Peters doesn’t have leverage, per se, but the two sides could come to terms on a reworked contract that benefits everyone. A revised deal could see Peters take a cut in base salary in the next two years in exchange for a bump in guaranteed money or even years.

Last season, Pro Football Focus placed Peters as the eighth-best tackle in the entire league. His 88.3 overall score on PFF ranks as the third-highest showing of his career. For his career, he has made nine Pro Bowls and is a three-time first-team All-Pro.

Photo courtesy of USA Today Sports Images.

Eagles Never Got Into A Bidding War For Maclin

We learned earlier today that the Eagles, not the Bills, were the runners-up for Jeremy Maclin‘s services, which came as something of a surprise given last week’s report that Philadelphia did not have interest in reuniting with Maclin. Per Zach Berman of the Philadelphia Inquirer (Twitter links), Eagles head coach Doug Pederson claims he was not being coy when he said the team was not considering Maclin, but that the Eagles did not reach out to Maclin until the weekend, when they contacted him to gauge interest. However, Mike Garafolo of tweets the Eagles never really got into a bidding war with the Ravens, who ultimately signed Maclin and who apparently gave him “solid money” to come to Baltimore.

Eagles Were Runners Up For Jeremy Maclin

On Monday morning, it was reported that Jeremy Maclin was deciding between signing with the Ravens or the Bills. As it turns out, the decision actually came down to the Ravens and the Eagles, according to Josina Anderson of (on Twitter). Jeremy Maclin

[RELATED: Ravens Sign WR Jeremy Maclin]

This news comes as a surprise since Maclin’s only two known visits were with Buffalo and Baltimore. Furthermore, Eagles coach Doug Pederson said last week that the team did not have interest in the wide receiver “at [the] time.” Apparently, Pederson was playing coy with the media and Maclin felt familiar enough with the Eagles that he did not require a visit to Philadelphia.

The Bills went hard after Maclin, but apparently they did not crack his top two. Running back LeSean McCoy started the recruitment effort early by reaching out to his former Eagles teammate and Maclin’s visit stretched into a second day, but Buffalo was still not to his liking. One has to wonder where the Bills will go from here since their wide receiver group continues to look shallow. The Bills could use at least one receiver with a pedigree like Maclin’s to provide support behind oft-injured star Sammy Watkins. Robert Woods, who was a solid WR2 for the Bills, left the team in free agency this spring.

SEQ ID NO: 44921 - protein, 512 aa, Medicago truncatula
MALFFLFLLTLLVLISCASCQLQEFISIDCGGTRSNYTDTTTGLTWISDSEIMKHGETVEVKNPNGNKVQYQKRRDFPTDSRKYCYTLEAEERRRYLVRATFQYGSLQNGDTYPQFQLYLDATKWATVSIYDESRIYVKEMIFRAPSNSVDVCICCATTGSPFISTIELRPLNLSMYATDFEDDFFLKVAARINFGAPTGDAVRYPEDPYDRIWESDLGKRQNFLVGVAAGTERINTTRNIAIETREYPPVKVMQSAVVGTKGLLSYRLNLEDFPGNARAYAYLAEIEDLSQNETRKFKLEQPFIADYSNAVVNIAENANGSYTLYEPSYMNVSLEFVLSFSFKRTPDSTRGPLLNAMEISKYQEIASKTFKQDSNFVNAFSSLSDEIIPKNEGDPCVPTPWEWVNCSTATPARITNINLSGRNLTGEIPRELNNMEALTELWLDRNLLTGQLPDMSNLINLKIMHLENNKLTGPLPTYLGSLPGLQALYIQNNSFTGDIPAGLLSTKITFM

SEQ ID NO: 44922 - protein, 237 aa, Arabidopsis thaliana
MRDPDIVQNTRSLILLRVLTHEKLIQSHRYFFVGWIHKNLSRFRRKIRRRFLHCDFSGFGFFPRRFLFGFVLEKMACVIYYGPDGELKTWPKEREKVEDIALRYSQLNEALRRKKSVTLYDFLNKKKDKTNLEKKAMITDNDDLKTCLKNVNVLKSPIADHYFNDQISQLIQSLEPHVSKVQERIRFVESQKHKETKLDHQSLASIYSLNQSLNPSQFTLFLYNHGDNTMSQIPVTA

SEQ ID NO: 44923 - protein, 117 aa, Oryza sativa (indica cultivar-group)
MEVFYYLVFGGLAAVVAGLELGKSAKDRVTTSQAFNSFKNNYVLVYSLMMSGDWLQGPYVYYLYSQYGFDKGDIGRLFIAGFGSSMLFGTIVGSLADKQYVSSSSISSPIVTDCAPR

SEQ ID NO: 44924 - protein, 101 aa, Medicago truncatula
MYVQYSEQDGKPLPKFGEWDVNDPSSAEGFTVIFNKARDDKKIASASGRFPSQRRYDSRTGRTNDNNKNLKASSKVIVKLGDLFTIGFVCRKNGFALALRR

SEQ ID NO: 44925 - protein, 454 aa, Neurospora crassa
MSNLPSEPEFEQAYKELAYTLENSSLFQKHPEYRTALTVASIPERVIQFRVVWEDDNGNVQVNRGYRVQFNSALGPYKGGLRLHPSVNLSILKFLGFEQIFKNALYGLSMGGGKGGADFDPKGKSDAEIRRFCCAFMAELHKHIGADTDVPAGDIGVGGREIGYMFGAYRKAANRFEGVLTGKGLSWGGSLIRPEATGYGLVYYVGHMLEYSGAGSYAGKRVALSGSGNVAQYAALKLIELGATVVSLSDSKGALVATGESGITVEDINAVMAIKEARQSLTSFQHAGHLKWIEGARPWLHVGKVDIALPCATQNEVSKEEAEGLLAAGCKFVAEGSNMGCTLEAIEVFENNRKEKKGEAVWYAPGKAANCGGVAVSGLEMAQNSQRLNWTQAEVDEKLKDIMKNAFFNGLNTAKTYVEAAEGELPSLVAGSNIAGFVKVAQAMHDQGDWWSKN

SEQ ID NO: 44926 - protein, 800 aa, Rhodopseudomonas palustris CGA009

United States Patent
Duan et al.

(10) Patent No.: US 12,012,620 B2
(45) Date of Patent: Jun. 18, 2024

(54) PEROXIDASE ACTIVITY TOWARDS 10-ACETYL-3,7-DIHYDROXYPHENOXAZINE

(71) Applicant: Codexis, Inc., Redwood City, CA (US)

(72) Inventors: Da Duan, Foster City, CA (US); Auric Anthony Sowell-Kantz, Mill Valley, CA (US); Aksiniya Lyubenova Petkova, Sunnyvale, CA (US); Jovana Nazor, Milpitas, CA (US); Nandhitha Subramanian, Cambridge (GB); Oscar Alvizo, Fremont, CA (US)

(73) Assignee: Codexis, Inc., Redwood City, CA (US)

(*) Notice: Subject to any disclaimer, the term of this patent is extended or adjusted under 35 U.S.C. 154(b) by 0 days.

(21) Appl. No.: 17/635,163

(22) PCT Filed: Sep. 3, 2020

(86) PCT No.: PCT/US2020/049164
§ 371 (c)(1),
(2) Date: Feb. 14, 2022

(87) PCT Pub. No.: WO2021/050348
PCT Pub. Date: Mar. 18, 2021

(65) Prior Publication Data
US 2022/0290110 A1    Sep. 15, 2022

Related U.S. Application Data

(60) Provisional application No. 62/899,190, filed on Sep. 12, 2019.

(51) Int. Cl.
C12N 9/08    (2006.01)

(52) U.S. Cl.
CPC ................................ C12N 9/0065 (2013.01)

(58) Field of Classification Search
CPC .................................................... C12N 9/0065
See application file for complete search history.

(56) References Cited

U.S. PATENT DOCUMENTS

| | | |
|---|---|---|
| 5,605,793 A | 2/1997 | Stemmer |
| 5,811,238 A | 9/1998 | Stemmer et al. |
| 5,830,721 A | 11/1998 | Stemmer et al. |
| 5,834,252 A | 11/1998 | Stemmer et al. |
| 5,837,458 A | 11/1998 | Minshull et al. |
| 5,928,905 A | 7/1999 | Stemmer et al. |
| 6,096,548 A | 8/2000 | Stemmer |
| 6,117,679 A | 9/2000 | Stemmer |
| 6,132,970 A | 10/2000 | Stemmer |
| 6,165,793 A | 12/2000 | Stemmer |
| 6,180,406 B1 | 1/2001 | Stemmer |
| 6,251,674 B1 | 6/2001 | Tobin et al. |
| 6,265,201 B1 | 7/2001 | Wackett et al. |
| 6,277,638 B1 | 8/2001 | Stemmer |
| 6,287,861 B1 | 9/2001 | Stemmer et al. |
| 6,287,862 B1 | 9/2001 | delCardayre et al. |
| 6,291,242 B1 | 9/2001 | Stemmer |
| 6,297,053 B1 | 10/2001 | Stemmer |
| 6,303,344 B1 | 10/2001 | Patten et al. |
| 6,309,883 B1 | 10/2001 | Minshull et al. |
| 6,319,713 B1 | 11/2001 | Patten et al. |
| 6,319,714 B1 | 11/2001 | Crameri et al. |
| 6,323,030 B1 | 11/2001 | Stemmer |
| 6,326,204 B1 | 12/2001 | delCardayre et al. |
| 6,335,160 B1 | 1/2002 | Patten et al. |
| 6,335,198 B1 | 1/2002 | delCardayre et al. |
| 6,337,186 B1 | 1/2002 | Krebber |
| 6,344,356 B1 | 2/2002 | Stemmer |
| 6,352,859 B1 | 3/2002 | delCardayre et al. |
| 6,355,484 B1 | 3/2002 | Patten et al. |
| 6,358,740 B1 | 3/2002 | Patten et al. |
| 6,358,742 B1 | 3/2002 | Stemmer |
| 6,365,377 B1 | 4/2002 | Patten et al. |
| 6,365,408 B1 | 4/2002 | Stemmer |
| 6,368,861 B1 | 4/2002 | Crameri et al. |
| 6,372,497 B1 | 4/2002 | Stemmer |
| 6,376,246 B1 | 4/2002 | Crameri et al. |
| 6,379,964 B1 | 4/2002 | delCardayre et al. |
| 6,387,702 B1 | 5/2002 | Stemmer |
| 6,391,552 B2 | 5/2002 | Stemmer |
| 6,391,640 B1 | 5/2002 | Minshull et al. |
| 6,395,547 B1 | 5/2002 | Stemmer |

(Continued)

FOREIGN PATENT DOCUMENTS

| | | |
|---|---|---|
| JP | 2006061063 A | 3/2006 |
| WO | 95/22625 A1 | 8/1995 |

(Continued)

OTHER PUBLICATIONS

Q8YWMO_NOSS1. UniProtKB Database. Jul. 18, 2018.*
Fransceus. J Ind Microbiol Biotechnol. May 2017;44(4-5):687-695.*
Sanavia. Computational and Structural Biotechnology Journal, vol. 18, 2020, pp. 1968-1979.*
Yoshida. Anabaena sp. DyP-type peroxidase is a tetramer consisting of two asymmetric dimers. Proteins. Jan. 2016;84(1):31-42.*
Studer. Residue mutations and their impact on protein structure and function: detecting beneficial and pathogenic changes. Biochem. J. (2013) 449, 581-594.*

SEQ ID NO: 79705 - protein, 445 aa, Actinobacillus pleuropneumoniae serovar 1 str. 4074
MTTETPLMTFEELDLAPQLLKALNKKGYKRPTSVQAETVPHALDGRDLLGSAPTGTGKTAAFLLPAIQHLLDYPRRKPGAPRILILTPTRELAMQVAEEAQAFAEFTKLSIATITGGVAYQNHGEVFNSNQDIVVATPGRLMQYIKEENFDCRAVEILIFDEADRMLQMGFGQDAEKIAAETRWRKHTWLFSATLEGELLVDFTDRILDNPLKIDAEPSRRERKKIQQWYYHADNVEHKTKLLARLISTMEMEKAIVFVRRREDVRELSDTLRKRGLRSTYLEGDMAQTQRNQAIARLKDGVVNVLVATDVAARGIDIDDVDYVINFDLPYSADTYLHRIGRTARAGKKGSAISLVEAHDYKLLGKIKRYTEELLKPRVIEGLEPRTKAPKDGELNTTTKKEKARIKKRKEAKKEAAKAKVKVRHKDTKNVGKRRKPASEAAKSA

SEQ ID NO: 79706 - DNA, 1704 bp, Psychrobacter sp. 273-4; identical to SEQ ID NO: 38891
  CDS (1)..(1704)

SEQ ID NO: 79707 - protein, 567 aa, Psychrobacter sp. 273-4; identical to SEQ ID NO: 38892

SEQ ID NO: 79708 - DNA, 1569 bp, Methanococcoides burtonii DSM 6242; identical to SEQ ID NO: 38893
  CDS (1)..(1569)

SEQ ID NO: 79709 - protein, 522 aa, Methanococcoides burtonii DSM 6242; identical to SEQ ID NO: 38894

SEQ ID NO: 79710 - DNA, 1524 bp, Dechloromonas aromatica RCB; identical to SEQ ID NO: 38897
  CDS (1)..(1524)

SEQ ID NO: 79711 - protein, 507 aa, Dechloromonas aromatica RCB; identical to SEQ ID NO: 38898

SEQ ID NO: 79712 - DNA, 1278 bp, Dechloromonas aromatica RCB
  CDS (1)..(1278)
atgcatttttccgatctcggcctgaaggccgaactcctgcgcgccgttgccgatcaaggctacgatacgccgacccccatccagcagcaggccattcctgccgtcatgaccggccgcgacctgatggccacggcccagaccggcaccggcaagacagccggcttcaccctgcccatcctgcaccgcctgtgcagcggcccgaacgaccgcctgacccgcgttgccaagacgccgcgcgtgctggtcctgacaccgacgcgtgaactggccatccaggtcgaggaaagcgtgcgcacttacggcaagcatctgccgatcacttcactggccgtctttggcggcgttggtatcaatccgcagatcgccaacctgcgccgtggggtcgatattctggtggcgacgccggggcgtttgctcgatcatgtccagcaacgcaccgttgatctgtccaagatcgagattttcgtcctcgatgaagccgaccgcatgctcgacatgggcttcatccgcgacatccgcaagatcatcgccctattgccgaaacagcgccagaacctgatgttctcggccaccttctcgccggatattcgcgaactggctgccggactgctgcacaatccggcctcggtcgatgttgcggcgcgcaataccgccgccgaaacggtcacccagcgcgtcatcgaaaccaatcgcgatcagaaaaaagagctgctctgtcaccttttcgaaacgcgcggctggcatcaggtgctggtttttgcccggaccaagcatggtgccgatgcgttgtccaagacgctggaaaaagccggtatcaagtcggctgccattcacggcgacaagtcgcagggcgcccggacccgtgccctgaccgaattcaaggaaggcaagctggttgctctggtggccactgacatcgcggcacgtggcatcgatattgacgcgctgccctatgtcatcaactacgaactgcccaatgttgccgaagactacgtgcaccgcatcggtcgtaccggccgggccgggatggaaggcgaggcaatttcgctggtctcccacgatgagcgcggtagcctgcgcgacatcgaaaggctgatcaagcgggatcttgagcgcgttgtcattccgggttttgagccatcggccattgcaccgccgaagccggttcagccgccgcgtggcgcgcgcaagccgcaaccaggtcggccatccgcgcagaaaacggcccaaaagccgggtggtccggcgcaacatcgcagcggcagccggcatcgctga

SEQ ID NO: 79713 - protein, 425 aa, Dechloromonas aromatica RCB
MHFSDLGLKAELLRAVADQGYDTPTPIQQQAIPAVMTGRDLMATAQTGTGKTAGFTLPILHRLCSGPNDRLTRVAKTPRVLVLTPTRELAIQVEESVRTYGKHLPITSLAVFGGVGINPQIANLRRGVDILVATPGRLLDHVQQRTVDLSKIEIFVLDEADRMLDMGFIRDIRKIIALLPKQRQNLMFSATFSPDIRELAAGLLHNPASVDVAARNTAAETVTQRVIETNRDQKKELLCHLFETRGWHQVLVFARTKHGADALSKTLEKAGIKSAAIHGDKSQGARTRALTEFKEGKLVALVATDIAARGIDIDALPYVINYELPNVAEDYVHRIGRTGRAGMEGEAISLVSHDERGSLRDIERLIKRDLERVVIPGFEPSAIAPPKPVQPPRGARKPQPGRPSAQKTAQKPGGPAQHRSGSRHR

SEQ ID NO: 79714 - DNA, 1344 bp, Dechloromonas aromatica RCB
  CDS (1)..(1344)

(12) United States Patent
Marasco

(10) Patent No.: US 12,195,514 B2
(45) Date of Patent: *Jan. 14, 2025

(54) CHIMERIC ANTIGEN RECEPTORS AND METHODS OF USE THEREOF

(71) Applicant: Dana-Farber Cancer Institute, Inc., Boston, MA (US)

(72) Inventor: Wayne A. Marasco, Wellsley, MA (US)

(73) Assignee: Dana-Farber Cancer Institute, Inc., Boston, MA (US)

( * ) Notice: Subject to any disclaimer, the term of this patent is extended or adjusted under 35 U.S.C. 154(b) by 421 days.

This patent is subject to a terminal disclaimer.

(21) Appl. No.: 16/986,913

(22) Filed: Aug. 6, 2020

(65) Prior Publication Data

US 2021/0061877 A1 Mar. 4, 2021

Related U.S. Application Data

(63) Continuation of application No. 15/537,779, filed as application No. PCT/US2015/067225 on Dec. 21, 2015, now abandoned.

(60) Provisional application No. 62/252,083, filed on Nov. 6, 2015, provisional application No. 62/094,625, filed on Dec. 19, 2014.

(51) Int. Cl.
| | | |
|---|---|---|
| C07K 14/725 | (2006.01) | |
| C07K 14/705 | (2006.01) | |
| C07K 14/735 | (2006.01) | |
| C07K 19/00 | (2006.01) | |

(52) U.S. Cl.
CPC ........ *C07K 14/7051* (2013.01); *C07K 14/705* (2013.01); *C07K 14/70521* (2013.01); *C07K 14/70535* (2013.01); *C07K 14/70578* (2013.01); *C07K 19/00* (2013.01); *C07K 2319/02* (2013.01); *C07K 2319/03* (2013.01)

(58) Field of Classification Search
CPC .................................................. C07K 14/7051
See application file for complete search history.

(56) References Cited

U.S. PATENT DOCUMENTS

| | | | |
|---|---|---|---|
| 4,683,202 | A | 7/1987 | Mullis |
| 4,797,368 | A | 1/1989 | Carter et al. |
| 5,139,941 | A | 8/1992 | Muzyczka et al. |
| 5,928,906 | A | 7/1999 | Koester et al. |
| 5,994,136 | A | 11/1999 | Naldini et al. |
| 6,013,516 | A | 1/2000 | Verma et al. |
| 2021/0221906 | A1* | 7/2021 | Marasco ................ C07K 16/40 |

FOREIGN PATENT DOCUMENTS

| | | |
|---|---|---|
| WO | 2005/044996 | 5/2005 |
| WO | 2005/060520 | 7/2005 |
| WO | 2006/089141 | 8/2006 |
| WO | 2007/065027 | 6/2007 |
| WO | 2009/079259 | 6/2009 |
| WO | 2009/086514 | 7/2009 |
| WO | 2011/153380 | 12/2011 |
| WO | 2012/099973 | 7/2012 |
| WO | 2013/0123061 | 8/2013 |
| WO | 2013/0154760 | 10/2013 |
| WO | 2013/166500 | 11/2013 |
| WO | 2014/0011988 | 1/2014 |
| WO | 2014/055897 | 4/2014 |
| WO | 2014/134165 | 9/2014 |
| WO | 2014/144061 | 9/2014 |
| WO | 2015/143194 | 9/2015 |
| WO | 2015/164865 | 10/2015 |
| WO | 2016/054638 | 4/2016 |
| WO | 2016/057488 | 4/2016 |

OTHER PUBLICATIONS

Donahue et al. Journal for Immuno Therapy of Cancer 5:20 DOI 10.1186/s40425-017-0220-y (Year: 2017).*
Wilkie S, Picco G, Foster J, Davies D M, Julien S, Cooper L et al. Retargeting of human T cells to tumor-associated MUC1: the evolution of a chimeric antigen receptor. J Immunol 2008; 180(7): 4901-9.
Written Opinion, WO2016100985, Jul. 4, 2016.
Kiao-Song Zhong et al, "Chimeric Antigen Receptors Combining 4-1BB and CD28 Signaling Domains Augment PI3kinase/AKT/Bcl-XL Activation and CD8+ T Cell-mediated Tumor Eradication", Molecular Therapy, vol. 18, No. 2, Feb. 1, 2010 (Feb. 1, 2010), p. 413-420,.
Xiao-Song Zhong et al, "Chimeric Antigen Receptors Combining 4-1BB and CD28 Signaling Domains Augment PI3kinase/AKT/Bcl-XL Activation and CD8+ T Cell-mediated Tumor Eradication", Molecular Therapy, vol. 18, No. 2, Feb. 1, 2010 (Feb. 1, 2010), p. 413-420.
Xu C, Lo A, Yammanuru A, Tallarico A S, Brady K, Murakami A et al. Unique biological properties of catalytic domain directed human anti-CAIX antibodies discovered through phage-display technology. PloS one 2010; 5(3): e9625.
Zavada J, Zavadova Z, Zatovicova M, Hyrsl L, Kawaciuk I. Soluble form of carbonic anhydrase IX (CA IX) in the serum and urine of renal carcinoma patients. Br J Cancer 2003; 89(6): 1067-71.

Photo courtesy of USA Today Sports Images.

King Dunlap Retires From Football

King Dunlap is calling it a career. The former Chargers offensive lineman will retire instead of pursuing an NFL gig in 2017, according to his agents (on Twitter). King Dunlap

Dunlap was released by the Chargers back in March and even though he is retiring today, he did have opportunities to play elsewhere, according to Ian Rapoport of (Twitter link). The Broncos were said to have some level of interest in Dunlap following his release, but we haven’t heard his name much in the last three months. That’s a sign that Dunlap has been thinking about hanging ’em up for a while now.

Dunlap, an Auburn product, entered the league as a seventh-round pick of the Eagles in 2008. After going No. 230 overall, he made several teams regret passing on him as he became a quality lineman for Philly. In his final year with the Eagles, Dunlap made 12 starts and parlayed that promotion into a free agent contract with San Diego.

In four years with the Chargers, Dunlap started in all 46 of his appearances. However, Pro Football Focus rated him as just the No. 53 tackle in the NFL last season in what was his second straight injury-shortened campaign. Dunlap, who turns 32 in September, will now get to heal from all of his nagging injuries as he exits football.

Photo courtesy of USA Today Sports Images.

Nate Gerry's Conversion To LB Going Well

  • Eagles rookie Nate Gerry‘s conversion to linebacker is going well, as Dave Zangaro of writes. The Nebraska product has put on about 16 pounds over the past month in his effort to go from hard-hitting collegiate safety to professional linebacker, and he will have the opportunity to get significant playing time in an unsettled linebacker unit in Philadelphia.